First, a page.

The authors thank Jacob Stewart, MBA and graduate fellow, for assistance with research for and preparation of this article.
Health-care Nonprofits: Enhancing Governance and Public Trust
Article first published online: 1 JUN 2012
© 2012 Center for Business Ethics at Bentley University
Business and Society Review
Volume 117, Issue 2, pages 197–219, Summer 2012
How to Cite
BLODGETT, M. S. and MELCONIAN, L. (2012), Health-care Nonprofits: Enhancing Governance and Public Trust. Business and Society Review, 117: 197–219. doi: 10.1111/j.1467-8594.2012.00405.x
Mark S. Blodgett is Associate Professor of Business Law & Ethics, Sawyer Business School, Suffolk University, Boston, MA where he founded and directed the Center for Global Business Ethics and Law. E-mail: firstname.lastname@example.org. He is a member of the Academy of Legal Studies in Business and the International Law Association. His articles appear in the American Business Law Journal, ILSA Journal of International and Comparative Law, Denver Journal of International Law and Policy, Hastings International and Comparative Law Review and the Journal of Business Ethics. He teaches global business ethics, legal and ethical environment of business, international business law and globalization. Linda Melconian is Assistant Professor, Institute for Public Administration and Department of Business Law & Ethics, Sawyer Business School, Suffolk University, Boston, MA where she administers intern fellowships and other programs of public service as Senior Fellow for the Moakley Center for Public Management. E-mail: email@example.com. Previously, she served as Assistant Counsel to former U.S. House of Representatives' Speaker Thomas P. O'Neill, Jr. and as Senate Majority Leader in the Massachusetts legislature where she pioneered state laws in insurance, health care, genetic testing and life sciences. She presents at conferences locally, nationally, and internationally on gender leadership in the public, private, and nonprofit sectors. Her most recent article appears in the Public Policy Forum Journal. She teaches administrative law, nonprofit law and ethics, legal environment of health care, and business ethics.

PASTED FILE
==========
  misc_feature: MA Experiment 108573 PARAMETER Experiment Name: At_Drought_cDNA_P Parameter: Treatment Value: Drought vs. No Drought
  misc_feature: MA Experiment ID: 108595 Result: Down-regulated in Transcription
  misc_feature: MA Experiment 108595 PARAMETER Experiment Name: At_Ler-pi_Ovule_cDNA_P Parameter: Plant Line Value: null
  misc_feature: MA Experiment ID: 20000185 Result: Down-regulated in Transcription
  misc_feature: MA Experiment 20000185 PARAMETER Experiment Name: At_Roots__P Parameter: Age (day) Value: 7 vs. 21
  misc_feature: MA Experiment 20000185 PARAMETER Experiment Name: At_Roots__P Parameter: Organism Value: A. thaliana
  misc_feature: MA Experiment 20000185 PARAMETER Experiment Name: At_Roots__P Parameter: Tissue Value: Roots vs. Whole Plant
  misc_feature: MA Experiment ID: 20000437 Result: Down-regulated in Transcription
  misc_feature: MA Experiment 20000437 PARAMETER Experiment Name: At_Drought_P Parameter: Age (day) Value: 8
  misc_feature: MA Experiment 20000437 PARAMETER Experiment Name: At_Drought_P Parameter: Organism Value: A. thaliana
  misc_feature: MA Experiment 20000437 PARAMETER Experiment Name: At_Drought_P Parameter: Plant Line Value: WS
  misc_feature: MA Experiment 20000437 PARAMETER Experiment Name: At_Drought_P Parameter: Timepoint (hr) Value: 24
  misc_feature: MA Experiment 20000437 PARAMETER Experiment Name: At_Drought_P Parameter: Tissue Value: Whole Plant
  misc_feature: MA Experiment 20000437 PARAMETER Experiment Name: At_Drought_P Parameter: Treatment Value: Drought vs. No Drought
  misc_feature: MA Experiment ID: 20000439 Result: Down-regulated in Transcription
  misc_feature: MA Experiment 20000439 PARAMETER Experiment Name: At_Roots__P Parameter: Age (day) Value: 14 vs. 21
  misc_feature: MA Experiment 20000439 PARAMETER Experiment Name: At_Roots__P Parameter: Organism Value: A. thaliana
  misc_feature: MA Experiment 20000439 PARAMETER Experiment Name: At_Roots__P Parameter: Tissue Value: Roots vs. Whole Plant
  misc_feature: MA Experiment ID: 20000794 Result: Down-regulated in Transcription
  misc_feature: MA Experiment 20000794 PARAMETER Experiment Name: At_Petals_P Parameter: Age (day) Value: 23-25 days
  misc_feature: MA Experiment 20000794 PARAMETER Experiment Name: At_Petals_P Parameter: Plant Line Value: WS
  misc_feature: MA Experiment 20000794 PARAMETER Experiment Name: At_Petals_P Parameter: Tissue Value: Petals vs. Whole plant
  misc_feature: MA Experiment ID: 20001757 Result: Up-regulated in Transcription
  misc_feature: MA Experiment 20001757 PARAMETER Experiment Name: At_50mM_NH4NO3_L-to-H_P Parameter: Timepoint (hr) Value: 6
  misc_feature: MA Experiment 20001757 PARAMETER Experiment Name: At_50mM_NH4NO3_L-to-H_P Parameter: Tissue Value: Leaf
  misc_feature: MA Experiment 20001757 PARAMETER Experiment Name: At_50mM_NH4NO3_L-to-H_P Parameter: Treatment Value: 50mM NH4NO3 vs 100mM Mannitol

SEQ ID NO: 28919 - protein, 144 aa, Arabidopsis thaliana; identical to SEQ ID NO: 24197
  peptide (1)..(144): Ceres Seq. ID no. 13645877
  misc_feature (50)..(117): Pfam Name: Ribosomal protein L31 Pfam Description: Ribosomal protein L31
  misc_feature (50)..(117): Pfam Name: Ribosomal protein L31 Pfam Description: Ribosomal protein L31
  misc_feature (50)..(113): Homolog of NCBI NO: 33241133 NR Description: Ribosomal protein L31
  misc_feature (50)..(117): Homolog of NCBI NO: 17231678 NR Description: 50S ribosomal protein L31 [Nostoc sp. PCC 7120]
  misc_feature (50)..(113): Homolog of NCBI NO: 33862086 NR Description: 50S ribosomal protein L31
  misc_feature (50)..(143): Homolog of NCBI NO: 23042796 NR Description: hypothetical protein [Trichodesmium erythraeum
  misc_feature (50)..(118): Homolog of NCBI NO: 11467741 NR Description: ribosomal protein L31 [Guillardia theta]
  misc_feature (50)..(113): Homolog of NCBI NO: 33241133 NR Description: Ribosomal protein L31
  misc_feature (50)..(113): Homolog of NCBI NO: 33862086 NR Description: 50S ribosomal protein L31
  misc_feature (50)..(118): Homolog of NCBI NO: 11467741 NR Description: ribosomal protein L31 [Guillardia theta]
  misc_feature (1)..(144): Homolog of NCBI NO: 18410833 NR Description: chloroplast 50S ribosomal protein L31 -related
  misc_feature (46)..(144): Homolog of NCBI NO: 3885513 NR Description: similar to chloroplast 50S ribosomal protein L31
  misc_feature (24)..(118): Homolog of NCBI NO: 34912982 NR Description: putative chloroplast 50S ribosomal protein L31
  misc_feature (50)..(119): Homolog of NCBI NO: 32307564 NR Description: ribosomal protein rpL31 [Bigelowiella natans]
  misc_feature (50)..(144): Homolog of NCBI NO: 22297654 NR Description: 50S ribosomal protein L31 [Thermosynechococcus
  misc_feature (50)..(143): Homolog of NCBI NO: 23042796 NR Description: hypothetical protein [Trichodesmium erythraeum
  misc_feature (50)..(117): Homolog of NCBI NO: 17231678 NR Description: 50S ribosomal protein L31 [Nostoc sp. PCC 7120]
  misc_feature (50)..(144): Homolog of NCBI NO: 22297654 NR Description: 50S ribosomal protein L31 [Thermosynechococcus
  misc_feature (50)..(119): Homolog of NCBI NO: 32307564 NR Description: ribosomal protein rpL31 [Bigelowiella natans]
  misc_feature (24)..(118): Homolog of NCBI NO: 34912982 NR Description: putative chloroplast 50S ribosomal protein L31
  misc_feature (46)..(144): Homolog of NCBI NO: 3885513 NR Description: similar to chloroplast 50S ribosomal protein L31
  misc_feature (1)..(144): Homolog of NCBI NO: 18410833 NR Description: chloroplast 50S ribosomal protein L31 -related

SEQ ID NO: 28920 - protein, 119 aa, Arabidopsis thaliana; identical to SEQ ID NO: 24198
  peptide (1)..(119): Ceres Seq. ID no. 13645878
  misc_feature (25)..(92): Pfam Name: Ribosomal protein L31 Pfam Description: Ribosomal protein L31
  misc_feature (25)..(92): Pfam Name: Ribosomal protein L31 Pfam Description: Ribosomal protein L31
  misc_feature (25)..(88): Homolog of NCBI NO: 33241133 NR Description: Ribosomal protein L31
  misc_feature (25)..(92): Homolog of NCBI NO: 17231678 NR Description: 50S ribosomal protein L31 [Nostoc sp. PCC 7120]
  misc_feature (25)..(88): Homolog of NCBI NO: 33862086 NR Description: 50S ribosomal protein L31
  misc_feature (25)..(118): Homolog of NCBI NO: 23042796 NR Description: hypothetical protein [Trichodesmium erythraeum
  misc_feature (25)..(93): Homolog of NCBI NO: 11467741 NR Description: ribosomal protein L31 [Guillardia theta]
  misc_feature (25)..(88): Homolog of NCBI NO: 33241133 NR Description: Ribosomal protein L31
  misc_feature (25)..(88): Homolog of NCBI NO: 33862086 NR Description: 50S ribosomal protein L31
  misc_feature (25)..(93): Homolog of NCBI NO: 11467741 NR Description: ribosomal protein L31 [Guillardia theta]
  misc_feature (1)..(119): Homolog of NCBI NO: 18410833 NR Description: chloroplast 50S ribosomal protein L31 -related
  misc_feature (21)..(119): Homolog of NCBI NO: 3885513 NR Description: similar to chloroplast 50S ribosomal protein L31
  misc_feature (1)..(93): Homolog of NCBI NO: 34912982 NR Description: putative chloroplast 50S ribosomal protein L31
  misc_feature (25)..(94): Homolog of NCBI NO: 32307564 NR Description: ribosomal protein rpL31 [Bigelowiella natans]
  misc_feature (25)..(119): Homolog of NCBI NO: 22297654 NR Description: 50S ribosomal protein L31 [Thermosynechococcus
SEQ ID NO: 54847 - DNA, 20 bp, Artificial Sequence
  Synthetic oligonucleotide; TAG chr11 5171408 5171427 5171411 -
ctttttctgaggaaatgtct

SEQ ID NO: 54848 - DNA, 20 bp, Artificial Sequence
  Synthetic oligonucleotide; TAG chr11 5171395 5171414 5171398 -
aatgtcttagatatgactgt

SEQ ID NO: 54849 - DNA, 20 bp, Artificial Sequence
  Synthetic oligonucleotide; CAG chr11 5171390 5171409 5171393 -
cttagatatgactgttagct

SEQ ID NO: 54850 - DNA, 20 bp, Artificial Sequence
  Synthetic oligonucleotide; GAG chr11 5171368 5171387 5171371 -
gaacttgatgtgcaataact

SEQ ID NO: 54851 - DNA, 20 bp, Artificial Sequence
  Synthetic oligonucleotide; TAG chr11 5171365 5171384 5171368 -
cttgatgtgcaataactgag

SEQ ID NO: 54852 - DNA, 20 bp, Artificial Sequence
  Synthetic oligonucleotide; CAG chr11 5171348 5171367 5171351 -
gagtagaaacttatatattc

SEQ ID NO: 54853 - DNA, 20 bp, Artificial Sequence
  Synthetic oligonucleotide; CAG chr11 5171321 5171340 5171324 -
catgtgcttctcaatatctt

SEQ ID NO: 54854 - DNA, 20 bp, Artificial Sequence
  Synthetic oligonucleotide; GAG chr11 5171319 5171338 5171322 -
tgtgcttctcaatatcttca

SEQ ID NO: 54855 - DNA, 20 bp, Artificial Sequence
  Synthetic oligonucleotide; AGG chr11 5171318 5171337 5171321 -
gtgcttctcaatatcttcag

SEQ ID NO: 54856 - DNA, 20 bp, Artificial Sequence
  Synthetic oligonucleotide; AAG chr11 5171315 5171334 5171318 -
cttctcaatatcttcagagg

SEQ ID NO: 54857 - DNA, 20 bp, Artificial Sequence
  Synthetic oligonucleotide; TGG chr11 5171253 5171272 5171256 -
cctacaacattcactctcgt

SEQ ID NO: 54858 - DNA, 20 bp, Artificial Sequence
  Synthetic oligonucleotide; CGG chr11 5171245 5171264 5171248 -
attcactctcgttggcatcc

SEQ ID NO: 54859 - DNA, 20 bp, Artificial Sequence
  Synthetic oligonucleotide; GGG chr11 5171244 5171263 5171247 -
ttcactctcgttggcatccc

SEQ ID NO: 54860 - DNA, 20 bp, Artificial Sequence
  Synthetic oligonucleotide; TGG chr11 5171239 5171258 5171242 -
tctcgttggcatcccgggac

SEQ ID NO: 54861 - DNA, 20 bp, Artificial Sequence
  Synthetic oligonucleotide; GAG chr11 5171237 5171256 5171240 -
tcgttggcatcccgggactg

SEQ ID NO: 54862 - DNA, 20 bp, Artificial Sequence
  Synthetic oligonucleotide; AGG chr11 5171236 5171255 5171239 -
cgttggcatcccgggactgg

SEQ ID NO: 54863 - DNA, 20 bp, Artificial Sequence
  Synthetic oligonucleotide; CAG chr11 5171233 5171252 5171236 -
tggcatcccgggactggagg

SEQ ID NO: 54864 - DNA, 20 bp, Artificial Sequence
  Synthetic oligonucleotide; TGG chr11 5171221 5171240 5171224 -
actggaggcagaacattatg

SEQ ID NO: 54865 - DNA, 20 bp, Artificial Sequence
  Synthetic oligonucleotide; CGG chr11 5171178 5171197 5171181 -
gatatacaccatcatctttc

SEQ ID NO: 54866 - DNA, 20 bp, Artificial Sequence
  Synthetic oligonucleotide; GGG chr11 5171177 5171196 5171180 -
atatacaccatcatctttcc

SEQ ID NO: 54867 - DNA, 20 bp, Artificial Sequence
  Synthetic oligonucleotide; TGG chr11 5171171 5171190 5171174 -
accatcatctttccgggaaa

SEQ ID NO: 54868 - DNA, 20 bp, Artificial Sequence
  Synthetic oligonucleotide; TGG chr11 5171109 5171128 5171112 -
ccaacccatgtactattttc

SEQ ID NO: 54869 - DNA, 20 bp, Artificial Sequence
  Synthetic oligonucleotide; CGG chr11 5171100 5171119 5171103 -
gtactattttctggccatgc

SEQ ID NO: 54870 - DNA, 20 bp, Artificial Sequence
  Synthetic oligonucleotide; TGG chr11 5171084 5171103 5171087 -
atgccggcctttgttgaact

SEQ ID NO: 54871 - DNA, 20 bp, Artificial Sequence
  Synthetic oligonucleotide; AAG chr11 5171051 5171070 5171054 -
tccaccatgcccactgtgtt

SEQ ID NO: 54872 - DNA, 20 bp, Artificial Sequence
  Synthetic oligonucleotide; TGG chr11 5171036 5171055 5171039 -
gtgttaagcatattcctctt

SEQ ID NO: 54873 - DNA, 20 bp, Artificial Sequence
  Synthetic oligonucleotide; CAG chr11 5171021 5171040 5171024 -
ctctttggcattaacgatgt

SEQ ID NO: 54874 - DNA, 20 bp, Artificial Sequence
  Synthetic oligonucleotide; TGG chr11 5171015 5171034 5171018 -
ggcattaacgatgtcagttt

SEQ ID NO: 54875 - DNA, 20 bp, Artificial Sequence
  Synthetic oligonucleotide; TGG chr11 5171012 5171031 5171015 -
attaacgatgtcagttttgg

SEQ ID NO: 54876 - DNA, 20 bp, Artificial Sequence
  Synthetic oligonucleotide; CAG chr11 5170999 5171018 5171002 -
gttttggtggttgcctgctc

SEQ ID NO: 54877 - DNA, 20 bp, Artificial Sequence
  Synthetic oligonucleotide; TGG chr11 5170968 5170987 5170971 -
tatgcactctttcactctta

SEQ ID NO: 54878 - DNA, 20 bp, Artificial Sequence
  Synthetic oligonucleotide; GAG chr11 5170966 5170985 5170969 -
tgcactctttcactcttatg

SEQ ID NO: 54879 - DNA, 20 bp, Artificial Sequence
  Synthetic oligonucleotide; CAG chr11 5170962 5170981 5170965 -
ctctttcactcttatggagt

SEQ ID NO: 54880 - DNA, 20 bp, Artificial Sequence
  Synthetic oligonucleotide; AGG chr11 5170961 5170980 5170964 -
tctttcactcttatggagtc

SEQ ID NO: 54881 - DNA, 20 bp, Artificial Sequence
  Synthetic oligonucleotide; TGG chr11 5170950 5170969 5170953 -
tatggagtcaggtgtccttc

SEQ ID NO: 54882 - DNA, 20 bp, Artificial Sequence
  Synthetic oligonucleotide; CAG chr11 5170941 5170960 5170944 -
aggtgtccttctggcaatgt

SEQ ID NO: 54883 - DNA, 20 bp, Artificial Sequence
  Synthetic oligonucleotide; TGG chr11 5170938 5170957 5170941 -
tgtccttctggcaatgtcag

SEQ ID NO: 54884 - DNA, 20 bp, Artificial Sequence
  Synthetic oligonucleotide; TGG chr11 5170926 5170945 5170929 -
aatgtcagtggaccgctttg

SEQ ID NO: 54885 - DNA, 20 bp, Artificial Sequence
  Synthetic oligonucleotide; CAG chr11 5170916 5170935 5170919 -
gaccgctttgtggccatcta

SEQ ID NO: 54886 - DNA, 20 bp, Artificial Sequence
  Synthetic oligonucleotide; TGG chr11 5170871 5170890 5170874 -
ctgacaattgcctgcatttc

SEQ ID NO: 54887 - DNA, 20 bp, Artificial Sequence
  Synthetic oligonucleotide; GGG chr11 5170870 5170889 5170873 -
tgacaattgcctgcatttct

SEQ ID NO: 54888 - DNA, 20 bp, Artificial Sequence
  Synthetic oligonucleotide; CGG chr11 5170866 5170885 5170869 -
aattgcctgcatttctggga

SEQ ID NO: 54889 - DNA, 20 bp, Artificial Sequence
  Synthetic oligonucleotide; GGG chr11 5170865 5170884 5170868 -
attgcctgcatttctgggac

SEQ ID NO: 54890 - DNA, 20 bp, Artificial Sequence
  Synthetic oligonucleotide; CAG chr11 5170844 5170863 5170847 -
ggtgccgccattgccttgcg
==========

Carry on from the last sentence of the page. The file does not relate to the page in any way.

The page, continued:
- Issue published online: 1 JUN 2012
- Article first published online: 1 JUN 2012
Nonprofits are a major part of the U.S. economy and they are not immune from corporate malfeasance controversies. Even Congress has expressed concern about the crisis in nonprofit governance. The nonprofit response to Congress has been a historic initiative recognizing critical challenges to nonprofit governance. In contrast to their for-profit counterparts, nonprofits are committed to missions serving the public benefit and not to shareholder profits. Accordingly, their missions and financial resources are intrinsic to their very existence, which is built upon the public trust. That trust is rooted in fiduciary responsibility and reflected in best practices. This article traces the history of the nonprofit public trust and fiduciary standards and examines principles of Sarbanes–Oxley and other best practices as they apply to nonprofits. The authors sampled 80 health-care nonprofit corporation web sites from eight asset classes to determine compliance with Sarbanes–Oxley and identification of fiduciary duty, ethical values, and other best practices. Among the very largest health-care nonprofits, many comply with Sarbanes–Oxley and identify fiduciary duty, ethical values, and other best practices. However, there are substantial deficiencies in such compliance and identification among all remaining seven asset classes ranging from 99.9 million to less than 100,000. The results appear to corroborate the urgent necessity for reform articulated by the Congress and the nonprofit sector. Nonprofit governance has entered a new era where best practices must be implemented to sustain the public trust.